• Add the following dependency in the pom.xml file
  • Now, go to your dashboard. Hover over the profile and then click on the API key. A dialog box appears where we can copy the API key.
  • Add the following code in the setup method annotated with @BeforeMethod
eyes=new Eyes();
eyes.setApiKey(API_KEY);,"Getting Started with Eyes",testInfo.getTestMethod().get().getName(),new RectangleSize(1000,600));
  • Write your test under @Test annotation and add eyes.check(Target.window())that provides coverage for visual validation of the web application.
  • In your teardown method, add the following snippet to close the server : eyes.closeAsync();
  • Below is an example of a test case for visual testing using Applitools Eyes.
import com.applitools.eyes.RectangleSize;
import com.applitools.eyes.selenium.Eyes;
import com.applitools.eyes.selenium.fluent.Target;
import org.junit.jupiter.api.*;
import org.openqa.selenium.WebDriver;

public class VisualAITest {
    WebDriver driver;
    Eyes eyes;

    public void beforeEach(TestInfo testInfo) {
        //set up the connection with Applitools Eyes and add access to Eyes dashboard
        eyes=new Eyes();
        ChromeOptions options = new ChromeOptions();
        driver = new ChromeDriver(options);,"Getting Started with Eyes",testInfo.getTestMethod().get().getName(),new RectangleSize(1000,600));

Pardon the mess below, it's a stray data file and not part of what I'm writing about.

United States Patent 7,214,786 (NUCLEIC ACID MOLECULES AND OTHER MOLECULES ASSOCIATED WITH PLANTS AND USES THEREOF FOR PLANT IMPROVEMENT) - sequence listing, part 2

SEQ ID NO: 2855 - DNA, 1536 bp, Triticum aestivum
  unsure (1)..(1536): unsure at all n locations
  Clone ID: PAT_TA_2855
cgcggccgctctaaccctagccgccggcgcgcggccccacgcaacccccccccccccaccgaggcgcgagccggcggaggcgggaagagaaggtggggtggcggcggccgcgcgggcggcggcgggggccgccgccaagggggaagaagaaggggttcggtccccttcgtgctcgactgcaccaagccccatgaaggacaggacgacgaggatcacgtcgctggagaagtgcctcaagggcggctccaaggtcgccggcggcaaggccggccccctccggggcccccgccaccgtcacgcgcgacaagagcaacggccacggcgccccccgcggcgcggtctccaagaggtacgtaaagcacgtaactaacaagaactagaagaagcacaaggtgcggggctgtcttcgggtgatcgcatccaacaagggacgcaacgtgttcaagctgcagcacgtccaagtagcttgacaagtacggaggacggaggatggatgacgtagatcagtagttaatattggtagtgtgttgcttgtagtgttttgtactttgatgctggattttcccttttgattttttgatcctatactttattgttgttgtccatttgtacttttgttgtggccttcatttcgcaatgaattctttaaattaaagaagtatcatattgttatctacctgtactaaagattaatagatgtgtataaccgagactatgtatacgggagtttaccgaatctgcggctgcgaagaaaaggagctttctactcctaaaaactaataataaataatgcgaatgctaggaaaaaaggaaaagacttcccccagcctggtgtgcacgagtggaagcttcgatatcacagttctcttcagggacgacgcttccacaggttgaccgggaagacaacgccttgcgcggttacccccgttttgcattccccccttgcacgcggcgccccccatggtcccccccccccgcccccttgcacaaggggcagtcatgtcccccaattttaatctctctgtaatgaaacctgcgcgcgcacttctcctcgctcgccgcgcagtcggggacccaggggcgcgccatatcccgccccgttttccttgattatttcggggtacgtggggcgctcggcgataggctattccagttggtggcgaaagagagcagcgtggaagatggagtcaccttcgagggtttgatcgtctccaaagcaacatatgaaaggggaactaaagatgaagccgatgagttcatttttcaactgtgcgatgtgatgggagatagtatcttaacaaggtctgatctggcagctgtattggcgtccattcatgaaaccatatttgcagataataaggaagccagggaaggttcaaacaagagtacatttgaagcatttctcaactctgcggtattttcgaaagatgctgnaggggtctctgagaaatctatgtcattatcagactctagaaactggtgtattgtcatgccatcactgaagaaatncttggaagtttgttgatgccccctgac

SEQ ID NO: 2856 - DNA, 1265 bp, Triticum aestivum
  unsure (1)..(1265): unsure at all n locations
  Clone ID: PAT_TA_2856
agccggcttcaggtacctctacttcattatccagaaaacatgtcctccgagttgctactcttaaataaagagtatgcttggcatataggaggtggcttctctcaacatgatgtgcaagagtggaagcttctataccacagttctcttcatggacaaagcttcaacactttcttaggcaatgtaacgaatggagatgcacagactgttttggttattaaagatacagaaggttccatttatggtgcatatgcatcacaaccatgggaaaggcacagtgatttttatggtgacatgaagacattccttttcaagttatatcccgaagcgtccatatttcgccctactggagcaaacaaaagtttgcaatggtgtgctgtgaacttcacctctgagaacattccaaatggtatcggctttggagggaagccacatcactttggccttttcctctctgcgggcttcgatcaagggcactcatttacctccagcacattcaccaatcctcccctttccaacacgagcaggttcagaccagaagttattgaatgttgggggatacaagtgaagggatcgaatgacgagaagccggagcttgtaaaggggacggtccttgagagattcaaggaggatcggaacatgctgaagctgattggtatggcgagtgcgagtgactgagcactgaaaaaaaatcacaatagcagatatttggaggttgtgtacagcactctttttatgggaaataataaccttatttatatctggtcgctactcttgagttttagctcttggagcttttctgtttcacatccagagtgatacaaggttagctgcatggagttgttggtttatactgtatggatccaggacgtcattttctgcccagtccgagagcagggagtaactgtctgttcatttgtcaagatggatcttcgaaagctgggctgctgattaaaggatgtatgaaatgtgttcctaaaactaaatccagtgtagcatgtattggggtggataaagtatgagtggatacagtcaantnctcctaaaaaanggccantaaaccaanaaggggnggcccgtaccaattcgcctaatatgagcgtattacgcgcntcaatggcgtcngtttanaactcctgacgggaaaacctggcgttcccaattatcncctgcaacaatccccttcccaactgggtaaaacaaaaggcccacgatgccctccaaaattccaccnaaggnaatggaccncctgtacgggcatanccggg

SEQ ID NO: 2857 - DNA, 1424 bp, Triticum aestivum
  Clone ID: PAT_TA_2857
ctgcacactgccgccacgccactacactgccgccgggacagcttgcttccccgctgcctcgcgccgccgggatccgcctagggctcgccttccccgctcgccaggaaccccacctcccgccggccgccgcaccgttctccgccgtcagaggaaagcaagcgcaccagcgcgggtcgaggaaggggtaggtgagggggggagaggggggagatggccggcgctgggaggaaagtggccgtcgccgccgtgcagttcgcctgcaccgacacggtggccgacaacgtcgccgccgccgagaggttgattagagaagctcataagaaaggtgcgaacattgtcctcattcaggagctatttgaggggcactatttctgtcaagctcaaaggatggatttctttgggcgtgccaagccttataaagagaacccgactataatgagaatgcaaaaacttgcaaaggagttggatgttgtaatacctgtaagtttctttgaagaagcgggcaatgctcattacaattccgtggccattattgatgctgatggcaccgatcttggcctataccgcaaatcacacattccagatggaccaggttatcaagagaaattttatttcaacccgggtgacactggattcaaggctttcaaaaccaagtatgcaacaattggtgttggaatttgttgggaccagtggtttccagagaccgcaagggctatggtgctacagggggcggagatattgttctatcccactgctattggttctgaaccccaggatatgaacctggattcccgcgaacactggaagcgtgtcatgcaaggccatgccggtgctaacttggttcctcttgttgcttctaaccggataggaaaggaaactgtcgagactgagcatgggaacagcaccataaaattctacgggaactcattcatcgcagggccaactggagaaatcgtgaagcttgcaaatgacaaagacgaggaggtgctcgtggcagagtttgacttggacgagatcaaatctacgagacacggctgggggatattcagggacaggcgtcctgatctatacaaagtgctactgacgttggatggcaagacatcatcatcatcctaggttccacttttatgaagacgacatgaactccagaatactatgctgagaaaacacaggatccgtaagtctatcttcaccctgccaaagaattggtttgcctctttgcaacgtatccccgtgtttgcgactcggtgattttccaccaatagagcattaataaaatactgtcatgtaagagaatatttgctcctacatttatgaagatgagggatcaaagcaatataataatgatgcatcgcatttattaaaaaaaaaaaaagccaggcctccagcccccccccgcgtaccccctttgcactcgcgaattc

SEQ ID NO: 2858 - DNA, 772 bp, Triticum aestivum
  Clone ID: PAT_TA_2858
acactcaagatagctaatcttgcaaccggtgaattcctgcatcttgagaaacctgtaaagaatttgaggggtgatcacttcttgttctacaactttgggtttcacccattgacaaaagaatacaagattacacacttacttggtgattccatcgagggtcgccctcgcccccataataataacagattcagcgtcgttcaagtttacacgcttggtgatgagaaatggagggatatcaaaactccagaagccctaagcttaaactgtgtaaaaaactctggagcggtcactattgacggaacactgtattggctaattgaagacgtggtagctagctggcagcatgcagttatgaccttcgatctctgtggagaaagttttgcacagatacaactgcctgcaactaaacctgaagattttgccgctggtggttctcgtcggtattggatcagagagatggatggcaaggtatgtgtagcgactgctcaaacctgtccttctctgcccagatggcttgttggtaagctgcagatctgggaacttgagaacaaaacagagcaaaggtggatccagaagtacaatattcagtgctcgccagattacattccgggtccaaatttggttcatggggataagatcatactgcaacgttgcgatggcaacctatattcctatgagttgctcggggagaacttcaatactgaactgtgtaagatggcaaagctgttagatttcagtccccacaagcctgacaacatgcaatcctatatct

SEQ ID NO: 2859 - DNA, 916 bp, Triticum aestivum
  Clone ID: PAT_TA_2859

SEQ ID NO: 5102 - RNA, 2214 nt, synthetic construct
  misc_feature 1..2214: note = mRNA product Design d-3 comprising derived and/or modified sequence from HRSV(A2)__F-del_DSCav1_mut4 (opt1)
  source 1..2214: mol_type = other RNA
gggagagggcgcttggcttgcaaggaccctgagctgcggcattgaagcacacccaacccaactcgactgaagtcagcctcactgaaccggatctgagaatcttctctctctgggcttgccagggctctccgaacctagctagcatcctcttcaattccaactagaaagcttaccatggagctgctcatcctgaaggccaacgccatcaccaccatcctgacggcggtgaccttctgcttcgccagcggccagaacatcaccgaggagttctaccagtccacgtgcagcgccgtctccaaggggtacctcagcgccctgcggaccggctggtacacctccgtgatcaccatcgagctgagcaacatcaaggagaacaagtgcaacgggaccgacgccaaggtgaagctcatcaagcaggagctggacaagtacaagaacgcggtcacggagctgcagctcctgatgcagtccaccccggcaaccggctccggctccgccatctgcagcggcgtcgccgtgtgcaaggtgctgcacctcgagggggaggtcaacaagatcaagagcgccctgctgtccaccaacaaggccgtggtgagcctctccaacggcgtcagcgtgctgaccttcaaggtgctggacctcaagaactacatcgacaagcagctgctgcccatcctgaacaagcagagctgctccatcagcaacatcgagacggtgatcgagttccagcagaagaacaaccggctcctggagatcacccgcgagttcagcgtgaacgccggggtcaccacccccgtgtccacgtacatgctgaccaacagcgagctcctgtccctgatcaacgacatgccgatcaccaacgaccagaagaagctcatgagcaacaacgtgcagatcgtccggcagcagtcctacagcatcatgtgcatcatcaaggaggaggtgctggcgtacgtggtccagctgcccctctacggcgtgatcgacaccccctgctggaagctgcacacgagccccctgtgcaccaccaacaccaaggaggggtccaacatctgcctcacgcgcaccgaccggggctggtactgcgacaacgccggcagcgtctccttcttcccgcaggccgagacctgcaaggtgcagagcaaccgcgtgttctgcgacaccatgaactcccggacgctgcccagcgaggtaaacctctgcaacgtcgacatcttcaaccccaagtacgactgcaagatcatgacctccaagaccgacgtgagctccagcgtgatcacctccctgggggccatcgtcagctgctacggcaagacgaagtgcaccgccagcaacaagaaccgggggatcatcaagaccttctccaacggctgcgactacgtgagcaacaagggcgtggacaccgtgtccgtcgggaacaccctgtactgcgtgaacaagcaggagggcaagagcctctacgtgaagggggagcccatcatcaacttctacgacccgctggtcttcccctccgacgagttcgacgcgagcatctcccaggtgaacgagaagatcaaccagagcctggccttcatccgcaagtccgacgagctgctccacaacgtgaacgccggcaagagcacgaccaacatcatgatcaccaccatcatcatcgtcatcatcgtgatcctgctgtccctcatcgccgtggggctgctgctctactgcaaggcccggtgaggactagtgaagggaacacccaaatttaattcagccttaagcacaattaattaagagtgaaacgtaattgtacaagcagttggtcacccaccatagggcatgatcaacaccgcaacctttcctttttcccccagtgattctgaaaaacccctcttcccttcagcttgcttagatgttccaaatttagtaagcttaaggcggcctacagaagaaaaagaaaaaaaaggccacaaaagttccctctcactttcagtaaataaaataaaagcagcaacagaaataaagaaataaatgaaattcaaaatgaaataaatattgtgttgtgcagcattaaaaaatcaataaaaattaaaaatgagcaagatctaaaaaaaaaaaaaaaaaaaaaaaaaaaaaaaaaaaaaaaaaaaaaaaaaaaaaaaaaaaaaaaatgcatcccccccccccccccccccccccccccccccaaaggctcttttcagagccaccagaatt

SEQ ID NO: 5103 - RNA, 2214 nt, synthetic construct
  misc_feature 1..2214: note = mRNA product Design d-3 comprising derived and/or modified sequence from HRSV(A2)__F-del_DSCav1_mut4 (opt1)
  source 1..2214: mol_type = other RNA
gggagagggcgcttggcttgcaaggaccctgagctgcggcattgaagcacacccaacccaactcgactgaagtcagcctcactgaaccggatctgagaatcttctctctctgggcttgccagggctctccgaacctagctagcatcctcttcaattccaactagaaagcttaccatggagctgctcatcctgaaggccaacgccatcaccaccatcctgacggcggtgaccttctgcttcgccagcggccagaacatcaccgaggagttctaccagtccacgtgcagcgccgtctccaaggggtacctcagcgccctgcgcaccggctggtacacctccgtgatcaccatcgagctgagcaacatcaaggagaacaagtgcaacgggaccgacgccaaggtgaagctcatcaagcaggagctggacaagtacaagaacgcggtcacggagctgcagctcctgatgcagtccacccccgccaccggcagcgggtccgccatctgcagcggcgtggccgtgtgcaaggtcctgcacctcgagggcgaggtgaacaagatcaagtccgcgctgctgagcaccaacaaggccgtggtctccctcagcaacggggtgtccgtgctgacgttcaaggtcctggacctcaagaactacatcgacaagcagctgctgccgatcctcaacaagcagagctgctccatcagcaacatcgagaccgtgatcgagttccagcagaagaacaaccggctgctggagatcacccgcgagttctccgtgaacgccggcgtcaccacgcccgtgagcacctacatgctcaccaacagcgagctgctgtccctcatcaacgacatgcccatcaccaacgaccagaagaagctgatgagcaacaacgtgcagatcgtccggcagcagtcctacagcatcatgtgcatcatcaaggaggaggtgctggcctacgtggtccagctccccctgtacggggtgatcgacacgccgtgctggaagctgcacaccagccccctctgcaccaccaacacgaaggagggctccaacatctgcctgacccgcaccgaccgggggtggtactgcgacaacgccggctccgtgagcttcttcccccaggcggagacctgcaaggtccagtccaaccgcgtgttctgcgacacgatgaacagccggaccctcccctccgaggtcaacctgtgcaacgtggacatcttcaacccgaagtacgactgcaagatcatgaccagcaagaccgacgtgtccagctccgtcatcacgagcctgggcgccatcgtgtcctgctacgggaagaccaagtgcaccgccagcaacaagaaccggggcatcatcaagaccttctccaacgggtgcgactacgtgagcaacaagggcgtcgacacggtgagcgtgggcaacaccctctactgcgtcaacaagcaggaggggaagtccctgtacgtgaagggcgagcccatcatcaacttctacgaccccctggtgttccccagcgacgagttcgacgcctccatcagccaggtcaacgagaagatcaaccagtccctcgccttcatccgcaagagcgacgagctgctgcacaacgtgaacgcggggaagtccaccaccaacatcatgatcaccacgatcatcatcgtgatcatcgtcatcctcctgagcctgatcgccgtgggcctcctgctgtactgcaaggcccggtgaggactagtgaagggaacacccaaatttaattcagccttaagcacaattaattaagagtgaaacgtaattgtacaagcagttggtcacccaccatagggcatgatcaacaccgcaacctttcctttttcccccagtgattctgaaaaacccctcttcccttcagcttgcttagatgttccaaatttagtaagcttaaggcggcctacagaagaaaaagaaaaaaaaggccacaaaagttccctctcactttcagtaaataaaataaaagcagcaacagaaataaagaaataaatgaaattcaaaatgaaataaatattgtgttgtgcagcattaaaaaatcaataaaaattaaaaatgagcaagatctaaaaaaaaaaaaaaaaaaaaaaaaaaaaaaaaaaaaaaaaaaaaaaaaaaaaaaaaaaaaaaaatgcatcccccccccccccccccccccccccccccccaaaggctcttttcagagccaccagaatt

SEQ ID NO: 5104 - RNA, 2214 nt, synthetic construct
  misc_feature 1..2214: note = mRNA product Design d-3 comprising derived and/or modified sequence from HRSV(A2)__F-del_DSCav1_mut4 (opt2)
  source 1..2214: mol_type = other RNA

public void firstVisualTestCase() {
        //visually validates the test case

    public void tearDown() {
        //close the connection with Applitools server

Reviewing the test results


  • Before diving into this topic, it is important to know about the baseline. The baseline consists of 5 variables: App Name, Test Name, Browser, OS, and Viewport size which represents a test run.
  • If you run your test for the first time, the Applitools server will check for the match of the above 5 parameters. If no match is found, it will create a new baseline and mark the status as New.
  • On consecutive runs, if the Applitools server finds the match, it will compare it against the existing baseline and represent the result.

Test Status

  • New: There is no match for the variable values defined in the existing baseline or there is no existing baseline in your account
  • Passed: If all the variables match with the existing baseline, then Applitools eyes will check for visual differences. The test case is passed if there is no difference.
  • Unresolved: The test is marked as unresolved if there is any visual difference and the variables are the same as the existing baseline. At this stage, the tester has to determine if it is a valid change or a visual bug.
    • If the change is valid, then the user will approve the change with a thumbs up. This will replace the existing baseline with the new checkpoint.
    • If the difference is valid, then the user can reject it with a thumbs down. This will mark the test case as Failed.


Visual AI testing is valuable for ensuring that applications look and behave consistently across different browsers, platforms, and devices, as well as for validating responsive design, accessibility, and localization aspects. It enhances the accuracy and efficiency of testing processes, helping teams deliver high-quality applications with a superior user experience.


Gargi Sanadhya

Gargi Sanadhya